The traffic light is broken and I have been standing still near our house for half an hour. The boy with his air rifle has been trying to get money from me all this time. He knocked, screamed, banged on the window, begged and cursed until he understood I wouldn't give him anything. Now he has given up hope and what do you do in such a case, in all your frustration? Then you grab your air rifle and blast that pesky white person in her air-conditioned, large, chauffeur-driven car. At least in Congo.

I do understand it. Good example is good to follow. He also can't help that he was born in this war-torn country and now has to save himself as a beggar. That his hands are not used for playing, but for begging for money, for knocking on doors, beating on windows, and begging. That even his only toy is a fantasy.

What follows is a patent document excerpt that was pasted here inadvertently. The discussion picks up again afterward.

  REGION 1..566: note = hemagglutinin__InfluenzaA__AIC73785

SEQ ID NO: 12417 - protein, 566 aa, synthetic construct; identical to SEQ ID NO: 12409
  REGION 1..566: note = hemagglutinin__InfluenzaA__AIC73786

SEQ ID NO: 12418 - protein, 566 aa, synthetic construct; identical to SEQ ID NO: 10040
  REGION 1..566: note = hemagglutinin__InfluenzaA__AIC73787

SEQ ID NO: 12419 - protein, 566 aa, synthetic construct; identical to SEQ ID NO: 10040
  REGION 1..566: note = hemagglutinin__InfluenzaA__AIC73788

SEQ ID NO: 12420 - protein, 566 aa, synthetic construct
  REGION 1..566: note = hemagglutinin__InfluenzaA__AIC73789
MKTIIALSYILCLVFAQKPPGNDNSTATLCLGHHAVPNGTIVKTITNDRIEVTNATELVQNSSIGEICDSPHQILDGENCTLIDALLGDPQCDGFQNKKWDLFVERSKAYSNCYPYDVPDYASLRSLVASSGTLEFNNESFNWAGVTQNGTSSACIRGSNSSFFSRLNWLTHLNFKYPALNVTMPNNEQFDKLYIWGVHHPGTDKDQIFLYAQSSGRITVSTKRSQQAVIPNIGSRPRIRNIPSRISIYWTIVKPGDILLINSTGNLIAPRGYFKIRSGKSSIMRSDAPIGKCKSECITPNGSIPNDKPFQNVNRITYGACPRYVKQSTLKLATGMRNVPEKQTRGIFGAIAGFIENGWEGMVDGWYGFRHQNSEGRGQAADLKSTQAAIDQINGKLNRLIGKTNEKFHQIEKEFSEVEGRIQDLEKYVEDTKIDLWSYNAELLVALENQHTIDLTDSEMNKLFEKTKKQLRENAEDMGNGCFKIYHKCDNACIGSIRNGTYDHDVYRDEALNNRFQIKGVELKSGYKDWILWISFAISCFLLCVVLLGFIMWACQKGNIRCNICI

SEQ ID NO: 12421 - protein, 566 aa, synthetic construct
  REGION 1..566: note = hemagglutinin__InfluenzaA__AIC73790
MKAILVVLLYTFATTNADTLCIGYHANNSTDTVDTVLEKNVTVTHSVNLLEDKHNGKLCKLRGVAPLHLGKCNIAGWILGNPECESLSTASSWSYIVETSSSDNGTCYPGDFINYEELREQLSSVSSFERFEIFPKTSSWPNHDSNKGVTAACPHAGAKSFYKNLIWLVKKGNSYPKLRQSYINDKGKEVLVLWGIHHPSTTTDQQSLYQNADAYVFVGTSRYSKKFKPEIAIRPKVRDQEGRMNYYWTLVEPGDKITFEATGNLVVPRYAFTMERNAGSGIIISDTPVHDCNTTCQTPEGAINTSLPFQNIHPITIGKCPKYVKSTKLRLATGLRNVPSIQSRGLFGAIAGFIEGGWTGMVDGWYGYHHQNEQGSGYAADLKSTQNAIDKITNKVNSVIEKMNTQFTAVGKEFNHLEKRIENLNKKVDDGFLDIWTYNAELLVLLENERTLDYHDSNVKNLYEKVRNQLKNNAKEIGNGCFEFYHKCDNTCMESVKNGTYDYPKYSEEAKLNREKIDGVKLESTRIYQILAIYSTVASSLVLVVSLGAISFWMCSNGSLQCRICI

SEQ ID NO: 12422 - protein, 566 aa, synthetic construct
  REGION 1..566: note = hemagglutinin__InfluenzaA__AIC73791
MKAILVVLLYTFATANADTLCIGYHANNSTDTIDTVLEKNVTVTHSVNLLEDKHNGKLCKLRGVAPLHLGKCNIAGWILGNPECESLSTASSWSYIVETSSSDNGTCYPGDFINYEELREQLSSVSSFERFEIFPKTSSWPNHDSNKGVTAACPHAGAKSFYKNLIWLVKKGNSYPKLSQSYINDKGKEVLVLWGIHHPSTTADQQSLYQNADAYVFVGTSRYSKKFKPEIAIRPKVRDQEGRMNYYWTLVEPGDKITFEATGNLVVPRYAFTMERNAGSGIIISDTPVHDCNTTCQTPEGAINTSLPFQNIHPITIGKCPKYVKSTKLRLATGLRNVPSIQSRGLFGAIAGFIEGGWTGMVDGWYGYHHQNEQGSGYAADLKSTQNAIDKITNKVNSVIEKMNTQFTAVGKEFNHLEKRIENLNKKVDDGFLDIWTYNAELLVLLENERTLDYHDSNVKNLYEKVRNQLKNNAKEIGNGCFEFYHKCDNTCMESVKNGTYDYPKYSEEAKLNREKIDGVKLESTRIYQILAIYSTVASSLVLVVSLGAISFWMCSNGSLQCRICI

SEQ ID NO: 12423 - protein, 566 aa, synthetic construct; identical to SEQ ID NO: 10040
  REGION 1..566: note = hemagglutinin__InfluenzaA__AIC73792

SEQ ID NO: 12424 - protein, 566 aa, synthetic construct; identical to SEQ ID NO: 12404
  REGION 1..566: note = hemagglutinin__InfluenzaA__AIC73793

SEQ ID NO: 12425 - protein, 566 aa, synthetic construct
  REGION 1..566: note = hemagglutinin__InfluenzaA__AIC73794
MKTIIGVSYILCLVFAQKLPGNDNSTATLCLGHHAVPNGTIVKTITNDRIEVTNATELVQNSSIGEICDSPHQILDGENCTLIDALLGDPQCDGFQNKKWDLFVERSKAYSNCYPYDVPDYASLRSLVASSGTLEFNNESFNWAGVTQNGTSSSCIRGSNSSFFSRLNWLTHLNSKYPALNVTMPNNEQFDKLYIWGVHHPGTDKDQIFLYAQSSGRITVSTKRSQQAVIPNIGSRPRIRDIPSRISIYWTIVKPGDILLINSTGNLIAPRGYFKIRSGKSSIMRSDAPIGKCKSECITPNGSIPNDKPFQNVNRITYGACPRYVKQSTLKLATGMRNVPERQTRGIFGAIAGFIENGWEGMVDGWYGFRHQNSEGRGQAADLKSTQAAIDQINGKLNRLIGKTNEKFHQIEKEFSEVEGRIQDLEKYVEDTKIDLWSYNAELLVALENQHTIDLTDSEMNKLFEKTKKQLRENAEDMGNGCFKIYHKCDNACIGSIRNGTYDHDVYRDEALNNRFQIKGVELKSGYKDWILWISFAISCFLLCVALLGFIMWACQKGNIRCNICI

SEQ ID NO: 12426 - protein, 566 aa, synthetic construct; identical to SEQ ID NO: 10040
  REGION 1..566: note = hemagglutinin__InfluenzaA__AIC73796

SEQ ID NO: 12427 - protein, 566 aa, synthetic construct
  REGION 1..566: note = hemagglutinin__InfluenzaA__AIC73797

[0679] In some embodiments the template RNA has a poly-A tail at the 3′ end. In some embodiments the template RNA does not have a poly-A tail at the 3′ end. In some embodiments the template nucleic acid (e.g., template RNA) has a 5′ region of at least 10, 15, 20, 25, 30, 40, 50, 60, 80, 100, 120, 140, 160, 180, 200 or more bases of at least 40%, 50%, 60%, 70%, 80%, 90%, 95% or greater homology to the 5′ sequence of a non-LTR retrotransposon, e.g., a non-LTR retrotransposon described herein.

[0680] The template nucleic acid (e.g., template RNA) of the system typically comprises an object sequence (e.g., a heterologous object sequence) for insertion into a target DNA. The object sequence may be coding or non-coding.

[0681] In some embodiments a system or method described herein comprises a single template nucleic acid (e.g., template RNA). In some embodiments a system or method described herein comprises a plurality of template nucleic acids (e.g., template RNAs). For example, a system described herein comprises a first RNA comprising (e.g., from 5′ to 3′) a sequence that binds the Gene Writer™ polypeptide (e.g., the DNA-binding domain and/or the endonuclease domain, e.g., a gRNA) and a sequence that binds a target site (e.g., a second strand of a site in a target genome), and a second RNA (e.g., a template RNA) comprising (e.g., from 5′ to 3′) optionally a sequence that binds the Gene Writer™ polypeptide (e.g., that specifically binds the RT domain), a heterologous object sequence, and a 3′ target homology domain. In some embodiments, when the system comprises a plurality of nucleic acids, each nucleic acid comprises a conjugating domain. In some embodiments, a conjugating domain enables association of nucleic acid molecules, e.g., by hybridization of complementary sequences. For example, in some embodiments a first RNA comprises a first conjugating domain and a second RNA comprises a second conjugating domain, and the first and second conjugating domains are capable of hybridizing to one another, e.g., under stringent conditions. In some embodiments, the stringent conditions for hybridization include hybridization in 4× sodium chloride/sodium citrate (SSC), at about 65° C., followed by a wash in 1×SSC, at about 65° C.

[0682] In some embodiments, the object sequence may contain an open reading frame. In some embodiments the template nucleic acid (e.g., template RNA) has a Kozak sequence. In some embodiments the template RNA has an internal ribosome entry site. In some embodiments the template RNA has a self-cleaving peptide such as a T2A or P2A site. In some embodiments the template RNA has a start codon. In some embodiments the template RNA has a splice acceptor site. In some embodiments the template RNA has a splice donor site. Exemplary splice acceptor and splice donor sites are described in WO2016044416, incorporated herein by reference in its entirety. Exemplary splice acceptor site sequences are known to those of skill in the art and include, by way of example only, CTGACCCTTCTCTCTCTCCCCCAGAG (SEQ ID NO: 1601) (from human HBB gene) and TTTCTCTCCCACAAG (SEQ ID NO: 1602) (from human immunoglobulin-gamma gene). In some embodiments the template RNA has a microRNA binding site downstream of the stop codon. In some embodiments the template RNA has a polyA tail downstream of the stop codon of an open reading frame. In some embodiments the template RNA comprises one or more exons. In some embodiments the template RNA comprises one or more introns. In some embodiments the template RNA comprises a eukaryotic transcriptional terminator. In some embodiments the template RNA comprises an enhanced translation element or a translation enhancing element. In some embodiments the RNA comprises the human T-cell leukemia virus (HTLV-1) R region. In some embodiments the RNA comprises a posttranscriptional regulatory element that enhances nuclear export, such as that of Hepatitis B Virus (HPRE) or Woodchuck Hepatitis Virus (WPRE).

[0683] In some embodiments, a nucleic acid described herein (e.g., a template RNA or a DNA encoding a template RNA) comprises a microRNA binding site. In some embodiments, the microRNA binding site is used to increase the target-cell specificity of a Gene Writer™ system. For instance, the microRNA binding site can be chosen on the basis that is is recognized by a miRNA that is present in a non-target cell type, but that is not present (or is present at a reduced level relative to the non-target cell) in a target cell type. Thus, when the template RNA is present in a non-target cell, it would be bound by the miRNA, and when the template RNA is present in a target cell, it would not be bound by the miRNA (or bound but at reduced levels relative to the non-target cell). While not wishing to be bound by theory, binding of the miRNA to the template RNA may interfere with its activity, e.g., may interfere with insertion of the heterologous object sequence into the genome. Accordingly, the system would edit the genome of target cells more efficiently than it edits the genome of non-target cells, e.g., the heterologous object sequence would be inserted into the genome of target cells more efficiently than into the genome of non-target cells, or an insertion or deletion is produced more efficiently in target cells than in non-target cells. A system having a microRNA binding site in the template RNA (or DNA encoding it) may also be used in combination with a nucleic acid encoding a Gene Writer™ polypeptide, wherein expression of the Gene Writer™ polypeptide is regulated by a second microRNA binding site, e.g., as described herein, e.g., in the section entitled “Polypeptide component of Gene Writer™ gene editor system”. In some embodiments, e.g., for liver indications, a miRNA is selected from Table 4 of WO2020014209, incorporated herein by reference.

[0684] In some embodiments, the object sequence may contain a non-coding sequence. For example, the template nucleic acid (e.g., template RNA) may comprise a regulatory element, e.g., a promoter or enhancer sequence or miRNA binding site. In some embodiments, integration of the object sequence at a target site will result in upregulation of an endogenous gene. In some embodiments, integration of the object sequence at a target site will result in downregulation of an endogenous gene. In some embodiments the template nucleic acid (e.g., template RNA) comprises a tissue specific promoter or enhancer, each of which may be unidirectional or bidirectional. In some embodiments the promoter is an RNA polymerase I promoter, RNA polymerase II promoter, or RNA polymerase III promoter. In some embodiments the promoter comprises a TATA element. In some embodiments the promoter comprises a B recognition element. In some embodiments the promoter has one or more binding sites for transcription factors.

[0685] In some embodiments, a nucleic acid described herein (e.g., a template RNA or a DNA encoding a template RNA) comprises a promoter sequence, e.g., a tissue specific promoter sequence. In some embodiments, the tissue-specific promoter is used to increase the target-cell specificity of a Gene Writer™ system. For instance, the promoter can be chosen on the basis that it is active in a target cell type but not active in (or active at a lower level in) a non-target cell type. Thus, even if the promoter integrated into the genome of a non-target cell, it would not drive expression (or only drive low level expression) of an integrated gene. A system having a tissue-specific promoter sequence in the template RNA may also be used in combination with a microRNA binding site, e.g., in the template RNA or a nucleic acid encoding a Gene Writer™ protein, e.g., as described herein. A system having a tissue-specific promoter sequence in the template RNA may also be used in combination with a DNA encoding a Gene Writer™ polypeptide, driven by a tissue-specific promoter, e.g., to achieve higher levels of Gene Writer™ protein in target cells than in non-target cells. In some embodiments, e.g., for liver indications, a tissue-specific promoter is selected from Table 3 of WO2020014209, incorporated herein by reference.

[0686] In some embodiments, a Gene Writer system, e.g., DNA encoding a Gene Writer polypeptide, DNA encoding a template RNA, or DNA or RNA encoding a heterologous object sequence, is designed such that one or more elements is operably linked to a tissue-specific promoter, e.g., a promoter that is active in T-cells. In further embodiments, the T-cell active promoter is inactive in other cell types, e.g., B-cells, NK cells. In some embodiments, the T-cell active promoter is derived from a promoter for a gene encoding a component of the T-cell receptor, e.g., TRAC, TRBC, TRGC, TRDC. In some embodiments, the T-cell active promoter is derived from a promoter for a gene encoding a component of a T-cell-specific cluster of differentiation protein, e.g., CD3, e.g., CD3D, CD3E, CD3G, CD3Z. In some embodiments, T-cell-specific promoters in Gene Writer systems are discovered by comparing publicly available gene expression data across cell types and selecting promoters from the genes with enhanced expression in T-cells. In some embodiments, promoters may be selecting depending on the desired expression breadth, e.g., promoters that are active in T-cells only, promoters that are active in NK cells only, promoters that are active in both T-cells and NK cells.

And when I see him stretch out his arm again, the hand of his other arm supposedly pull the trigger and hear him shout 'rapapapapapapapapa' again, looking at me with a savage look, I quickly pretend to be touched by his playing, by the air bullets from his air rifle. And as I slowly - as if I were seriously injured - slump back into my spacious, cool car seat, I see through my eyelashes his surprised look, his smile and a victory fist in the air. A small, black fist in the bright, stinging sun. I give him the pleasure. At least it's something.

Then suddenly a concerned frown, as if to say; "It's not real, my air rifle. It's not real, it's fake.” As any child might say, if they think an adult doesn't understand their game.

When Marcel finally finds a gap in the traffic that is starting to move again and I see the boy shooting around in the rear-view mirror, while the cars almost hit him and the soles of his slippers come loose on the warm asphalt, I realize that I wish I could say the same thing to the boy. "It's not real, your damn life, it's not real, your hopeless existence. It's not real, sweet little man with your air rifle, it's not real, but fake.”